How Your Brand Engages with Your Community Matters.
A Lot.

July 27, 2018

As you plan how to maximize your brand’s communication strategies, remember that engaging with the community is a critical, yet often forgotten, tool.

Community engagement is a valuable way to demonstrate that your brand is worth trusting. It helps develop relationships, which then build loyalty. Community engagement can include a variety of activities such as:

  • Events
  • Partnerships
  • Promotions
  • Letters and statements of support
  • Roundtables and town halls
  • Sponsorships
  • Scholarships and awards

A great example of a brand effectively utilizing community engagement was the promotion of Austin’s sold out staging of Leonard Bernstein’s MASS at the Long Center for the Performing Arts. Bernstein100Austin, which commemorated the centennial of Bernstein’s birth, brought together 300 local artists in the largest performing arts collaboration in Austin’s history. The various approaches to engage the community in the lead-up to this production included creating community buy-in, endorsement and cross-promotional value, as well as creating plenty of goodwill.

It takes a cast of hundreds
Bernstein100Austin was produced by the dynamic team at Merick Strategies. Due to its scale, the team at Merick Strategies knew that they could not gather, organize, rehearse and promote all 300 cast and crew members needed for the production on their own. As a result, they worked their relationships to appeal to Austin’s performing arts organizations to join forces. By doing so, they not only got the cast and crew they needed, but also earned the informal endorsement of the best of Austin’s cultural brands and their promotional power. ECPR helped deepen these partnerships by making key introductions that developed into important relationships for the production’s success.

What about a stunt?
Often, the best way to convince a group that your message is worth hearing is to meet them where they are. In this case, we met them at Whataburger.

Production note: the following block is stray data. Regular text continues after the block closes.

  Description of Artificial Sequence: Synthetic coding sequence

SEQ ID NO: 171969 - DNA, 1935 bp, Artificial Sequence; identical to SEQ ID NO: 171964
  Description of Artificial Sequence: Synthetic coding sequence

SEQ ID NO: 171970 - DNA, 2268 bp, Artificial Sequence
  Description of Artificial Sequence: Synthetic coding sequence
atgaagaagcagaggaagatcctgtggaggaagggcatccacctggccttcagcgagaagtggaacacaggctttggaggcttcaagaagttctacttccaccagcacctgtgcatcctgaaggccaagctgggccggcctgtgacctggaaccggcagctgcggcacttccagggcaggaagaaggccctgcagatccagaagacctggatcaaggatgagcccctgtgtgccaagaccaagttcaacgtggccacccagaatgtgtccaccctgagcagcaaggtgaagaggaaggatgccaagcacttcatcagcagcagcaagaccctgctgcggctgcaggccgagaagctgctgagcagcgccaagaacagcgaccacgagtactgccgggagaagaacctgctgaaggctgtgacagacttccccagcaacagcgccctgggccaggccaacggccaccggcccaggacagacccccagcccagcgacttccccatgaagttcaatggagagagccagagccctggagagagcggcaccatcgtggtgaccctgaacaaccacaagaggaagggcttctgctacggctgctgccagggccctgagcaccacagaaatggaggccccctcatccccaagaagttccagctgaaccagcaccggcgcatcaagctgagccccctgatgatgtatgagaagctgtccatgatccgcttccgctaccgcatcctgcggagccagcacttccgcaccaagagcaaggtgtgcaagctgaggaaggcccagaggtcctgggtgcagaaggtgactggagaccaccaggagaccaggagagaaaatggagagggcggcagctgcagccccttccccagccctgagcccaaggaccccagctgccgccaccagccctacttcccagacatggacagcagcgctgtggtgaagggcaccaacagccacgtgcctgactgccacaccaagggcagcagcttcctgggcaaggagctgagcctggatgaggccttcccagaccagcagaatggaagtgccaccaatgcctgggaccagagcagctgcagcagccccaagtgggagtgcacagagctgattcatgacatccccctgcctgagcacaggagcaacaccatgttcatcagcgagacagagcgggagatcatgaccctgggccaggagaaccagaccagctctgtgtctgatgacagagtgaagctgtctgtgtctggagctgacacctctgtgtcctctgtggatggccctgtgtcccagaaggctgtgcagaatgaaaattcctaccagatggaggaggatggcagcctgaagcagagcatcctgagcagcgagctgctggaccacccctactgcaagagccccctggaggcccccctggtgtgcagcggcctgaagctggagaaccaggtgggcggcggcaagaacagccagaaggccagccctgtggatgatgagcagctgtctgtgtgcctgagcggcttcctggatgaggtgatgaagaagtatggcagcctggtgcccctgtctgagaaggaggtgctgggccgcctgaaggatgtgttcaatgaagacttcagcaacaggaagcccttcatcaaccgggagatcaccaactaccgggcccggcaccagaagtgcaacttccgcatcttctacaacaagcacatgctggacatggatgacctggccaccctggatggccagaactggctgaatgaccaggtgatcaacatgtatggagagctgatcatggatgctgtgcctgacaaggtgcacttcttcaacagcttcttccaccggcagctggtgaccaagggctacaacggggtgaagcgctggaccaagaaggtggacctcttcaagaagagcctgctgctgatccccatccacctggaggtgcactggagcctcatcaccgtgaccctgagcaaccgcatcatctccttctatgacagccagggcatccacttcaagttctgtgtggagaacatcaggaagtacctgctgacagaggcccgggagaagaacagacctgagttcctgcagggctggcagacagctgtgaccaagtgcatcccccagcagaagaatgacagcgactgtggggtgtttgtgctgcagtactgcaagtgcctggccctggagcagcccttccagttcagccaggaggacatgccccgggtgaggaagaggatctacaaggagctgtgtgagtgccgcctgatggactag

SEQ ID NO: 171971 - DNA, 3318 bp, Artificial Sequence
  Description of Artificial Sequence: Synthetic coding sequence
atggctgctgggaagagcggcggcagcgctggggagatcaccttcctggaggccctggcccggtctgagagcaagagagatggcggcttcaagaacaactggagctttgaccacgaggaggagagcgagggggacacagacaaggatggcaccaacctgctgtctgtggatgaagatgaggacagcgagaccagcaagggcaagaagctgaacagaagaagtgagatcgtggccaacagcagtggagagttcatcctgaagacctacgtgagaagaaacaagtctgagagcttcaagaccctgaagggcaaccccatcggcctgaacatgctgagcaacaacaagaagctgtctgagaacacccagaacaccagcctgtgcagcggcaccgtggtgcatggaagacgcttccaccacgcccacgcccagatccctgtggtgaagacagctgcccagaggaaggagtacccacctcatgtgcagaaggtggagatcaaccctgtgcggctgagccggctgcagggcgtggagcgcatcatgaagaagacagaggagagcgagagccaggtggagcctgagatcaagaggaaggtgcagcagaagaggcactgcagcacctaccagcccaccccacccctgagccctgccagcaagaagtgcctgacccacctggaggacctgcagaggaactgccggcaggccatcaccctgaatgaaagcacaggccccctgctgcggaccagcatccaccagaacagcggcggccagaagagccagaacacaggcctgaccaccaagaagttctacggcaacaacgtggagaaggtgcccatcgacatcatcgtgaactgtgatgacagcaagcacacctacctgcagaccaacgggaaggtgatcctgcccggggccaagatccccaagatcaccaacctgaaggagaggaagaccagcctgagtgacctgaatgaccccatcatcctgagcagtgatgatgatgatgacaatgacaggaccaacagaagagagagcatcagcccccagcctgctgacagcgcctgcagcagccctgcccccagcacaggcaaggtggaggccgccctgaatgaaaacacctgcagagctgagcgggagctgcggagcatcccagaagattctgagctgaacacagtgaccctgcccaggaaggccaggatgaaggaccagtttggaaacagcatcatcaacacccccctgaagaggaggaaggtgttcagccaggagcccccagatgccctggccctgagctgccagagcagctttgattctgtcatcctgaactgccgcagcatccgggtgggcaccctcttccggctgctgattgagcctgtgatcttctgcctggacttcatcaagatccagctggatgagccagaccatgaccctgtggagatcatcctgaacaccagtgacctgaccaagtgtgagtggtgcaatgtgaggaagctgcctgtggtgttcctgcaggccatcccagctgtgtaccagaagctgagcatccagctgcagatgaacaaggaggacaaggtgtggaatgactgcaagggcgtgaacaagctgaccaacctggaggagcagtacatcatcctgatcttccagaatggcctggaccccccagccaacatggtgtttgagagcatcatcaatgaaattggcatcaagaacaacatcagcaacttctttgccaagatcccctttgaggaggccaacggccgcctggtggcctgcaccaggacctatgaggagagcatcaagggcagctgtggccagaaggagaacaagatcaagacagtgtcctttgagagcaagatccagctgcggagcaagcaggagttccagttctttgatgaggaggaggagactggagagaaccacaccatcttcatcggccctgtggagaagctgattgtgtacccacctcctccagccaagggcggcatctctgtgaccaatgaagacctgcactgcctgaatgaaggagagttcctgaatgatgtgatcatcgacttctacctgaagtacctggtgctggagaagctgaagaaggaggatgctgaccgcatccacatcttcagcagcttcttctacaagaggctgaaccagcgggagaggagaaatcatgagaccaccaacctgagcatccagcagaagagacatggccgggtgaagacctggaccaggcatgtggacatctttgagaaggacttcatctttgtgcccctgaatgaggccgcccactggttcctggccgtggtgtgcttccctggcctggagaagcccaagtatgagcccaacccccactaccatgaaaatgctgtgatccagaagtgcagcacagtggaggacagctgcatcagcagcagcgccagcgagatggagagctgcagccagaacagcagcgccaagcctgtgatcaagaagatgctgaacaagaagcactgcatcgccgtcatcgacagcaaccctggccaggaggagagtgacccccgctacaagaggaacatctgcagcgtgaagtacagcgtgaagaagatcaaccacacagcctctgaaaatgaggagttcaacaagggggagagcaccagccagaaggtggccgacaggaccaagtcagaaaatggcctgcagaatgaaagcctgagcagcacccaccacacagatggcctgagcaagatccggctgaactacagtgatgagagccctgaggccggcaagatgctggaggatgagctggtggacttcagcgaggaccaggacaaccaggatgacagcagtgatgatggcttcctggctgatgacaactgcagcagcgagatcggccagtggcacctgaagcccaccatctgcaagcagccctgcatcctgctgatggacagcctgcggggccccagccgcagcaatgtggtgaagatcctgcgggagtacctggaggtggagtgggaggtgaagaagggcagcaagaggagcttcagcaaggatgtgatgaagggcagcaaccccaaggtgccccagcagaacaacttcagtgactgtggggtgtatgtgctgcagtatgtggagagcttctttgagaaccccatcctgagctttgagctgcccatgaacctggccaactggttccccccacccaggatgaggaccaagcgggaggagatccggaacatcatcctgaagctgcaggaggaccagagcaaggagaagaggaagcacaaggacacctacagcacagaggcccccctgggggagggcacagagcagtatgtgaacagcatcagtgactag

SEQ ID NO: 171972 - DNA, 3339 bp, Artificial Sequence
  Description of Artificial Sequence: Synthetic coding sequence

Since Whataburger owner Lynne Dobson had generously supported the African Children’s Choir participating in MASS, Elizabeth Christian asked if the restaurants themselves might join in the celebration. Together, we cooked up a promotion with a viral event custom-made for social media: we staged a fun flash performance in one of Whataburger’s restaurants. The video, which was posted on YouTube, Facebook and the Whataburger blog, has already been viewed more than 7,700 times.

Engaging communities, engaging stories
One of the best things about investing in community engagement is that the media see this work and understand there’s a deeper story than “a company wants to sell you things.” ECPR saw the community engagement in the Bernstein100Austin project as a compelling narrative. Our intuition was right. Most of the media coverage centered around the importance of the collaborations between the different art organizations. While media might not have been as dialed in to the significance of Leonard Bernstein’s interfaith MASS, they quickly grabbed on to “the largest performing arts collaboration in Austin’s history.”

Get with the program
Merick Strategies also did something strategic in creating months of lead-up programming around the themes and players of Bernstein’s MASS. In scheduling talks, movie screenings and social events, they educated the media and the public while nurturing the city’s appetite for the production itself. Each of these smaller events benefited from the promotion of the participants and venues, while building anticipation about the big event.

All is fair in trade and cross promotion
Trade partnerships are a fantastic way to engage with the community and save costs. Publishing sponsors and entertainment brands stepped up for MASS to leverage their digital platforms, pages, airwaves and physical spaces to promote the production. This saved the producer advertising dollars and also signaled to each partner’s customers that this is something worth their investment of time and money. ECPR advised the production about how to make the most of its in-kind sponsors. We also approached Waterways magazine about a commemorative issue on the production, which not only yielded a cover story and several features, but also included production photography and a packaged keepsake.

Regardless of the strategy your business adopts for community engagement, it’s important that it be built around your stakeholders’ needs and behaviors. Community engagement without a clear strategy will serve neither your business goals nor your community awareness needs. At ECPR, we help clients identify opportunities for community engagement and show them how to maximize those opportunities. In the end, these strategies help our clients interact with their communities in authentic ways, elevate their audience and promote their brand.